Costa Rican scientists return to N.C. Research Campus
Published 12:00 am Thursday, July 30, 2015
KANNAPOLIS — A delegation from Costa Rica has returned to the N.C. Research Campus to discuss collaborative research opportunities, arrange a post-doctoral fellowship and attend the Plant Pathways Elucidation Project (P2EP) Research Symposium.
“By formalizing our scientific collaboration with Costa Rica’s best universities,” said Clyde Higgs, Research Campus executive vice president of operations and business development, “we are bringing together leading scientists and top students who will be able to advance the study of some of the most challenging questions in human health, nutrition and agriculture.”
Vanessa Gibson, director of corporate development and investment climate for CINDE said, “The relationship we’ve developed with N.C. Research Campus allows us as a country to transfer research and development expertise to the Costa Rican talent, hand in hand with one of the major research centers in the United States. After visiting the campus last May with the president of Costa Rica, Luis Guillermo Solis, both N.C. Research and CINDE have continued working to develop joint educational programs that we hope to materialize in the near term.”
Solis visited the Research Campus on May 14, forming an agreement with David H. Murdock, Research Campus founder and CEO and chairman of Castle & Cooke and Dole Foods, for collaborative education and training programs between the NCRC and universities and institutes in Costa Rica.
The University of Costa Rica, the National Center for Science and Food Technology, the University of Costa Rica Agricultural Research Center, EARTH University and the Costa Rican Investment Promotion Agency are represented in the delegation that toured the campus Tuesday and attended the P2EP Research Symposium on Wednesday.
Now in its third year, P2EP is answering more complex scientific questions with higher translational value such as examining the wound-healing properties of oats and the effect of broccoli on colon cancer. Their research builds on the success of the first two classes to map the plant pathways and genomes of blueberries, strawberries, broccoli and oats. During the symposium the graduate and undergraduate students presented the results of their 11 weeks of research.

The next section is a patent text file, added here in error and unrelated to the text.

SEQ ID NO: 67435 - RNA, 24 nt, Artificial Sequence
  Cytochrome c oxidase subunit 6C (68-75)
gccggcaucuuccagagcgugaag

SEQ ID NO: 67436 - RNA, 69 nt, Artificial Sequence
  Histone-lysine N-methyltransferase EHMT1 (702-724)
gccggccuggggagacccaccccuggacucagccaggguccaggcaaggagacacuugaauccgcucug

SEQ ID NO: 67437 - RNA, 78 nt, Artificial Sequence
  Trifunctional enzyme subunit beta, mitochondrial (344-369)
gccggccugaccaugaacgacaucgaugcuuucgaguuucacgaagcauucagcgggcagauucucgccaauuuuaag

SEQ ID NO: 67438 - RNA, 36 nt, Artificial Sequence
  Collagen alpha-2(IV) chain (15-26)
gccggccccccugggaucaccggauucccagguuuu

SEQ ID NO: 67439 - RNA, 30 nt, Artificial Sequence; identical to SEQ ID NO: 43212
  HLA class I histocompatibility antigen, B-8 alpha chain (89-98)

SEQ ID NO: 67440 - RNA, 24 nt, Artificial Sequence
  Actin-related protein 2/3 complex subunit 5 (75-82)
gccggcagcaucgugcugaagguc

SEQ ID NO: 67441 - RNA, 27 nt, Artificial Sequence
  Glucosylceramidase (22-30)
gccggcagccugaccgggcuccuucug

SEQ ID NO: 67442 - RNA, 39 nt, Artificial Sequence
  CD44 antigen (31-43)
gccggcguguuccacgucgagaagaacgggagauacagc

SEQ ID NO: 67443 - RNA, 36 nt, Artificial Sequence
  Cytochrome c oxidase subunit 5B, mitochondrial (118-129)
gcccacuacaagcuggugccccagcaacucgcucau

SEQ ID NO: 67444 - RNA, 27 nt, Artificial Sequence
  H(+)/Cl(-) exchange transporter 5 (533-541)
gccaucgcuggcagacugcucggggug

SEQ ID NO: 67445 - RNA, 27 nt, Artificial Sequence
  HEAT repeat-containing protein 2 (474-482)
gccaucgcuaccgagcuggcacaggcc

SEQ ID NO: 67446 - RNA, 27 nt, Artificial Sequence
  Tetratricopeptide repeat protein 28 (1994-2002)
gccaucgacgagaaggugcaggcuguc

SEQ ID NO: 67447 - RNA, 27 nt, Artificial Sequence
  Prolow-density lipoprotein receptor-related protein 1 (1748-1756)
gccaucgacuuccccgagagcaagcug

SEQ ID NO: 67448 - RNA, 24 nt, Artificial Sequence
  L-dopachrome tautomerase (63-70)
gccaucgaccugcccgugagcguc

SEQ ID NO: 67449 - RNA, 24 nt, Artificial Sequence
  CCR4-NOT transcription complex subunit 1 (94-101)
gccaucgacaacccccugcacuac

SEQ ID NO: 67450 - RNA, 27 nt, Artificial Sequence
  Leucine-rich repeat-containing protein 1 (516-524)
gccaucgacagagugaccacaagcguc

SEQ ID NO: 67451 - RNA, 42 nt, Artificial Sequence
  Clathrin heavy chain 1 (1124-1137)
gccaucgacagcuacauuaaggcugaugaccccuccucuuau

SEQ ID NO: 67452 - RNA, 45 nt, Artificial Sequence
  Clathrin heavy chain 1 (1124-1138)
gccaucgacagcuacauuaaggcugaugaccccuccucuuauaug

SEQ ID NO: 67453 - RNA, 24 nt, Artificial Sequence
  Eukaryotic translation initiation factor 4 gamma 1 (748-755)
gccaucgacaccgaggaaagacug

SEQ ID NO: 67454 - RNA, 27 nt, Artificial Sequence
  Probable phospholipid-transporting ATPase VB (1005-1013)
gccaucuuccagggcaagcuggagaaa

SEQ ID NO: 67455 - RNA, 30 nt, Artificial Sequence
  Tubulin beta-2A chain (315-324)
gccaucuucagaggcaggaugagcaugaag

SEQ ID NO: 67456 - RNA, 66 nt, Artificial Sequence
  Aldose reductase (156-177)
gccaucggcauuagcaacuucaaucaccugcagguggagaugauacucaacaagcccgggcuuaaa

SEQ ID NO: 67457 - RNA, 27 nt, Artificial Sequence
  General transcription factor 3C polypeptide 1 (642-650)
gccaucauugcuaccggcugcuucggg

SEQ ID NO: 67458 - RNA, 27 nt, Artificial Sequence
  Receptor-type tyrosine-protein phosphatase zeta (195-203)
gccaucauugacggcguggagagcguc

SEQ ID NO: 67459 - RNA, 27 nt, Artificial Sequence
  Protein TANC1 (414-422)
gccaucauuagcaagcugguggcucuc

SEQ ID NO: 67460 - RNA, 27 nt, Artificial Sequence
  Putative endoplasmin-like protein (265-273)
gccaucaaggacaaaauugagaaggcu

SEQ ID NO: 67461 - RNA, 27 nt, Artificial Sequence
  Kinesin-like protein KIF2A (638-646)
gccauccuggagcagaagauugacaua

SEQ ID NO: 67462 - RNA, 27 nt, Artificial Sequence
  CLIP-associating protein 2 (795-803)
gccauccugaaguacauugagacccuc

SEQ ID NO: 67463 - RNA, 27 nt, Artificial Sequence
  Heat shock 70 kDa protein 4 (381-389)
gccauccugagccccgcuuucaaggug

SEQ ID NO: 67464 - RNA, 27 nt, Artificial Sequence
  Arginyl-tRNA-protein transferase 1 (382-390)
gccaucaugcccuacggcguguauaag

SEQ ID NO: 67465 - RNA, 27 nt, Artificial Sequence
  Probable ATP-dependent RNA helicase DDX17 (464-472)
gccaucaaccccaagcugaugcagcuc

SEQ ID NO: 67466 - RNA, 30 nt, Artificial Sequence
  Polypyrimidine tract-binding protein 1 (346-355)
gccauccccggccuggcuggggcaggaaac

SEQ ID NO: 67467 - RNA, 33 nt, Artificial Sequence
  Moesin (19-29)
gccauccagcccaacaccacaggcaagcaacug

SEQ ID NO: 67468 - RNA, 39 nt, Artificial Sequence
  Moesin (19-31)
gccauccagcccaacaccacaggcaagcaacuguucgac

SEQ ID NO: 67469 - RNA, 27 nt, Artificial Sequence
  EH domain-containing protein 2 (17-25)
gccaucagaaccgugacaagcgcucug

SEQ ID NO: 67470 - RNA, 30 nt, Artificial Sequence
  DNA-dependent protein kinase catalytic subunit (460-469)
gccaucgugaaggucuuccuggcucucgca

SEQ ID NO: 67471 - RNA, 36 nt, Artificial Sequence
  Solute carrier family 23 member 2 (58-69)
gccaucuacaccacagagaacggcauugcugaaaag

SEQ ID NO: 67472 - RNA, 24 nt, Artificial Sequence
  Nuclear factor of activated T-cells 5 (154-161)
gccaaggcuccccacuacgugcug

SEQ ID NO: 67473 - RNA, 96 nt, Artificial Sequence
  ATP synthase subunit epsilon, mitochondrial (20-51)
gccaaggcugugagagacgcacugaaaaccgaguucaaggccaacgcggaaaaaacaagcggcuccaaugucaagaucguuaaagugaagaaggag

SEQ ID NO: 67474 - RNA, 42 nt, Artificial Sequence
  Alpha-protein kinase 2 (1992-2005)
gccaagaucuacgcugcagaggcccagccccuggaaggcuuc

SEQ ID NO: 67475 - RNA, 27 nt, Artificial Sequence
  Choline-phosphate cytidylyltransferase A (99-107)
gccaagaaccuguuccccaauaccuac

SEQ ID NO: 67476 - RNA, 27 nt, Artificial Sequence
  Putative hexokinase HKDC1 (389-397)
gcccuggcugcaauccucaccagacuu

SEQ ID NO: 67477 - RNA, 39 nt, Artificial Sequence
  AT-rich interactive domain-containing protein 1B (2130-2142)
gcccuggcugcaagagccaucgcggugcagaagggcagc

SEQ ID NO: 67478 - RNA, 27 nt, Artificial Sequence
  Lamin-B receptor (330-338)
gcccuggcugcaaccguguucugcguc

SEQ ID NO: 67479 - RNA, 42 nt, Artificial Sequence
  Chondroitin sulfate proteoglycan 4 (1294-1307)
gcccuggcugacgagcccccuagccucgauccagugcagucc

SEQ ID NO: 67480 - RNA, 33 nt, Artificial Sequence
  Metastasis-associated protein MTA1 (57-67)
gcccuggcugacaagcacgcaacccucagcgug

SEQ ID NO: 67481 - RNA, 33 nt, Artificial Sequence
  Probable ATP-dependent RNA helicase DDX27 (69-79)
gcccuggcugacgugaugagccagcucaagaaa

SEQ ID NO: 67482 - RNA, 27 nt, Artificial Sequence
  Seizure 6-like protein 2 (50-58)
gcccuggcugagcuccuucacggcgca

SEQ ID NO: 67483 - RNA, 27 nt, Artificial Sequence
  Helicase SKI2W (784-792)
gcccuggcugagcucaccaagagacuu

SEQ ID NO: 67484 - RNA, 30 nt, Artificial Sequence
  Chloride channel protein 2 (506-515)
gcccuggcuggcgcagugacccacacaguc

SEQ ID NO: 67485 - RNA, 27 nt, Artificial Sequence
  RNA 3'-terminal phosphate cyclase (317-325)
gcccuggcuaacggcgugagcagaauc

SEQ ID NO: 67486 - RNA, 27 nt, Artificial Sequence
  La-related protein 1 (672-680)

While visiting the N.C. Research Campus, the Costa Rican delegation was to meet with several campus partners including the N.C. State University Plants for Human Health Institute (PHHI) and Dole Foods.
“We are really looking forward to extending our research on campus to include the expertise of scientists and students from Costa Rica,” said Dr. Mary Ann Lila, director and P2EP leader. “Their collaboration will contribute tremendously to our ability to study more crops and better understand how fruits and vegetables improve human health.”
Dr. Nicholas Gillitt, Dole Foods vice president of nutrition research and director of the Dole Nutrition Institute, added, “Getting the Costa Rican University representatives here to Kannapolis is a great first step in ramping up the collaboration President Solis announced recently. We at Dole have huge operations in Costa Rica and want to engage the latest and greatest Costa Rican students in programs designed to improve agriculture and production there. The Dole-sponsored banana and pineapple PhD programs as part of P2EP and through N.C. State will really kick this goal into high gear.”